For that reason, Corbyn’s QE looks like one of those ideas that is superficially attractive because it seems to kill two birds with one stone, but on reflection turns out to be a bad idea. If we want to keep an independent central bank we do not want the government putting the bank under pressure to do QE because the government wants more investment, and if that does not happen we do not want the central bank deciding whether extra investment happens.
And that’s a lefty talking there.
And there’s a problem here too:
Suppose that a NIB is created, not on the back of QE but using more conventional forms of finance. (If the government wants to encourage it, just directly subsidise that finance with conventional borrowing. Don’t be put off doing so by deficit fetishism.) Suppose we also like the concept of helicopter money – not for now, but for the next time interest rates hit their lower bound and the central bank wants more stimulus. In those circumstances, it might well make sense for helicopter money to be used not only to send cheques to individuals, but also to bring forward investment financed by the NIB, or public sector investment financed directly by the state. If those investment projects could get off the ground quickly, and crucially would not have happened for some time otherwise, then what I have elsewhere described as ‘democratic helicopter money’ would make sense.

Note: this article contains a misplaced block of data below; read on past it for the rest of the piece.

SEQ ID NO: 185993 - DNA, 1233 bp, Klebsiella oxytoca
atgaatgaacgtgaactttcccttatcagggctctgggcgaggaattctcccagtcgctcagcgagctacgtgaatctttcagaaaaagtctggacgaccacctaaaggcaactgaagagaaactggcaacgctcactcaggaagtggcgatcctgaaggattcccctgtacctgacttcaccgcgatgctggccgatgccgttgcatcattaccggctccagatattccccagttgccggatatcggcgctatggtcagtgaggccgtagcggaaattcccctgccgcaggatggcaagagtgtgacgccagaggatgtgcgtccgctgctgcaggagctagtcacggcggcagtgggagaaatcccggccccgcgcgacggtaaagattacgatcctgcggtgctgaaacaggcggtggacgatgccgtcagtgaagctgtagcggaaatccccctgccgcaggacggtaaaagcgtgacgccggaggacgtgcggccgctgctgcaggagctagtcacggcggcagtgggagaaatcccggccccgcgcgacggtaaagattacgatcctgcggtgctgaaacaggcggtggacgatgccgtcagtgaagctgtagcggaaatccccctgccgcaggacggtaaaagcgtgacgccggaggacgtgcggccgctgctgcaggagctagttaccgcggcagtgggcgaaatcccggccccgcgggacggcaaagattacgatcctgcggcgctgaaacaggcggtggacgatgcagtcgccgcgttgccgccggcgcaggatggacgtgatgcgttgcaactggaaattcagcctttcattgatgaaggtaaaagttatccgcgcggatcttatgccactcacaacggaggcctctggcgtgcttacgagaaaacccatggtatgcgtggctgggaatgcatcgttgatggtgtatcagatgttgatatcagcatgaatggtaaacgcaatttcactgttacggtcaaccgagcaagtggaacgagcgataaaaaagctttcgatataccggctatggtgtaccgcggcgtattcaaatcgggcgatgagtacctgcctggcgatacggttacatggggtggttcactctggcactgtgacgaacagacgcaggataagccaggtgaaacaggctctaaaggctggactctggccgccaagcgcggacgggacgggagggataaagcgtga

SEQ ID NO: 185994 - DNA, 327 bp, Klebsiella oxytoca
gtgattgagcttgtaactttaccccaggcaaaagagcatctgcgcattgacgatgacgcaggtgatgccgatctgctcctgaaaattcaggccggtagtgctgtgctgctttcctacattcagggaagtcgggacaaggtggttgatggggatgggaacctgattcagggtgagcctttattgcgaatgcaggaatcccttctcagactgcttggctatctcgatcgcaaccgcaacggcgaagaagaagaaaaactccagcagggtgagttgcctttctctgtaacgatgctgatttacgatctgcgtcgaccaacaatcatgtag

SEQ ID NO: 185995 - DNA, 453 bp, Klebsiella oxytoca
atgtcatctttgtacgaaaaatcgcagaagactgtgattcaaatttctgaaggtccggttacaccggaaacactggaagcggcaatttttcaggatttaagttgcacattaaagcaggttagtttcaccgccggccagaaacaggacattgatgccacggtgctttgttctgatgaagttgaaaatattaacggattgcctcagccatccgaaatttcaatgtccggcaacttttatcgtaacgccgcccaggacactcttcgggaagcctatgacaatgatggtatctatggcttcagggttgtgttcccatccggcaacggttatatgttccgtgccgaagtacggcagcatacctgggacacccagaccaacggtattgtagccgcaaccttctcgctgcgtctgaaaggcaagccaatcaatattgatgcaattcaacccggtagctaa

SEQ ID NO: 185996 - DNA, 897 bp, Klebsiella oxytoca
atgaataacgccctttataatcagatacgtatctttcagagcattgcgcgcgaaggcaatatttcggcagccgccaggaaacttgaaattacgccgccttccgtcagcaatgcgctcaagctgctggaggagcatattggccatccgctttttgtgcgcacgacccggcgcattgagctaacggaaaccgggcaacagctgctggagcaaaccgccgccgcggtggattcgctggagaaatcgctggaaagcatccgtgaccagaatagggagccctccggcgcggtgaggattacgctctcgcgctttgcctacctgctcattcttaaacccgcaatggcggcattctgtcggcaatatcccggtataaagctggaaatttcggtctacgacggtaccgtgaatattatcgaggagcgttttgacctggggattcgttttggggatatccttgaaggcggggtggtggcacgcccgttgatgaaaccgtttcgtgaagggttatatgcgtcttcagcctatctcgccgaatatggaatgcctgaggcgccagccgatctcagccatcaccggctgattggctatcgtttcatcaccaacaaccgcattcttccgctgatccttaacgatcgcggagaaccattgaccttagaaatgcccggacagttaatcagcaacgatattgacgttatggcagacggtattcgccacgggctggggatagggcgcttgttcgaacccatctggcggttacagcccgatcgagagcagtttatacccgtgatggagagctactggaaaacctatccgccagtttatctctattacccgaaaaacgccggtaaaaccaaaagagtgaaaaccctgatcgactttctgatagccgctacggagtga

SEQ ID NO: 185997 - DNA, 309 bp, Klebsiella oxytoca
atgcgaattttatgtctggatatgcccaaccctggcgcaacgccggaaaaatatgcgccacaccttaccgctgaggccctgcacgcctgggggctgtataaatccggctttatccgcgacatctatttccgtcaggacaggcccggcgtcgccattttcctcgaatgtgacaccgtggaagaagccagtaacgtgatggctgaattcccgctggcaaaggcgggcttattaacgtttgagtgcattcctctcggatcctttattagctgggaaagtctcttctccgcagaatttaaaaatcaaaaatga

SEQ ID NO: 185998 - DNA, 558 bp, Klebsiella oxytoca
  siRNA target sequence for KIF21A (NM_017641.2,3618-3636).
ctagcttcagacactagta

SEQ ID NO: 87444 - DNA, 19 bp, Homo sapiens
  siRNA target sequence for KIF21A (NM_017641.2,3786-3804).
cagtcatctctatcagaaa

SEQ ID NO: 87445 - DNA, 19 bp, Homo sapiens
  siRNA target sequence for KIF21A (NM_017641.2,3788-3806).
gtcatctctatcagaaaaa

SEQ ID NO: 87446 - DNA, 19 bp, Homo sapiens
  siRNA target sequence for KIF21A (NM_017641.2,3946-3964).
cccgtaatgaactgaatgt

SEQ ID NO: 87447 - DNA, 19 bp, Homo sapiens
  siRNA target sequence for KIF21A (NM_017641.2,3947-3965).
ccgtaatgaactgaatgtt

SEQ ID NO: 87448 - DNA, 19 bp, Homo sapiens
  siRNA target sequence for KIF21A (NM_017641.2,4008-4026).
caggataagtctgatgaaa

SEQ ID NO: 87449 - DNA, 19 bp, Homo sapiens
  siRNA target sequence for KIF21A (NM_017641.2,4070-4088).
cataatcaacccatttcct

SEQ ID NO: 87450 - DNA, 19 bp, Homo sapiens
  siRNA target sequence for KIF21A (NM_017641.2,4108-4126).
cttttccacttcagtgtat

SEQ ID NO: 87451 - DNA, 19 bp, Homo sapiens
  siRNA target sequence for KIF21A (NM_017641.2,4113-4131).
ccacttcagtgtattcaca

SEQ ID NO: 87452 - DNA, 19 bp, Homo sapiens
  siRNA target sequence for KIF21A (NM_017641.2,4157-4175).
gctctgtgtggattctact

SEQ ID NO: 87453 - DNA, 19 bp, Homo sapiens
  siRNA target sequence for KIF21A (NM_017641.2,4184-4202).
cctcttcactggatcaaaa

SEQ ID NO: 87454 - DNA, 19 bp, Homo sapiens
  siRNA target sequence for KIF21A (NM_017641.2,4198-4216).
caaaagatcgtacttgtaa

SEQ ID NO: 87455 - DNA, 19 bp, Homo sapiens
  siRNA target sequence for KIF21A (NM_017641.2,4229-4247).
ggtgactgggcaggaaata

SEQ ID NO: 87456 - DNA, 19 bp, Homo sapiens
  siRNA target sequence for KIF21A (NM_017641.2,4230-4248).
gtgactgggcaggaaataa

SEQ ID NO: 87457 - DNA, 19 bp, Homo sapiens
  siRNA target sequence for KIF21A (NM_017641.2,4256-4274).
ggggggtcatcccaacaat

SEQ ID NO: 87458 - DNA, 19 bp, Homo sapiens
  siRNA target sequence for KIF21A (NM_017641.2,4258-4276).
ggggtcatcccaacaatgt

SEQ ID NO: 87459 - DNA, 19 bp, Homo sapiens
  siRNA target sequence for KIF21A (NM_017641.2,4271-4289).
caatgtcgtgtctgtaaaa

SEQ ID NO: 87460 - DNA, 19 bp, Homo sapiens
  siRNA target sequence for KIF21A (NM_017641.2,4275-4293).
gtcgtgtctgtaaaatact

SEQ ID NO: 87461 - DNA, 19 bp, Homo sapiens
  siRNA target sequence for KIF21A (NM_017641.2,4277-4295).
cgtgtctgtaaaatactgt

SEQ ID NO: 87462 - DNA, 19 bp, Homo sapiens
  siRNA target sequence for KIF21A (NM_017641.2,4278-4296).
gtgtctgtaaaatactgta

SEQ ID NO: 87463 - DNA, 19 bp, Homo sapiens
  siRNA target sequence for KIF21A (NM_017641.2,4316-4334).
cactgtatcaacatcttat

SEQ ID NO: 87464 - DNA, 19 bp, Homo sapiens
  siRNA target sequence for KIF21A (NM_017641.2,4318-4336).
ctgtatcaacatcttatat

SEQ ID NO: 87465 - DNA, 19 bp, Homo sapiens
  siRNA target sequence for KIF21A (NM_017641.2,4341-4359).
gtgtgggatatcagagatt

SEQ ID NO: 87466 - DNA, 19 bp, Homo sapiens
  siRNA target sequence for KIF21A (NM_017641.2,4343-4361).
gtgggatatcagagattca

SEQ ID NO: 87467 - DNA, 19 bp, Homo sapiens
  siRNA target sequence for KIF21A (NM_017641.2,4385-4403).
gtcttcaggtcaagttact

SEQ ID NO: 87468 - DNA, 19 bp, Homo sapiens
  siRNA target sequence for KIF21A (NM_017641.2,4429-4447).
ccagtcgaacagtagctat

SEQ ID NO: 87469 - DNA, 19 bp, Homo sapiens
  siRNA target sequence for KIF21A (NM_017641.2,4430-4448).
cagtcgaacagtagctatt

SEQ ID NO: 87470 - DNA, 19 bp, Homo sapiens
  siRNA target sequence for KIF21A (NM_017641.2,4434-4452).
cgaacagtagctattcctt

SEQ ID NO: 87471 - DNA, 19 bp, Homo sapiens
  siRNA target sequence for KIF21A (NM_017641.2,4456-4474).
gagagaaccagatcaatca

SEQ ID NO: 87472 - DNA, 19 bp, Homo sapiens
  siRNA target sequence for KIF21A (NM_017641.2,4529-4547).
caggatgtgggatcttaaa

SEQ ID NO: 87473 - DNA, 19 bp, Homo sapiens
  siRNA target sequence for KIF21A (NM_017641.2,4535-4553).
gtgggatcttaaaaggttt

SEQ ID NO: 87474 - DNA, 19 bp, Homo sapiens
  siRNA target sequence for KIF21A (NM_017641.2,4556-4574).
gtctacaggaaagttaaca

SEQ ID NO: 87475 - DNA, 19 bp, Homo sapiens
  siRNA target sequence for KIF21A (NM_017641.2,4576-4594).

Shovel ready projects, eh? Now where have we heard that phrase before?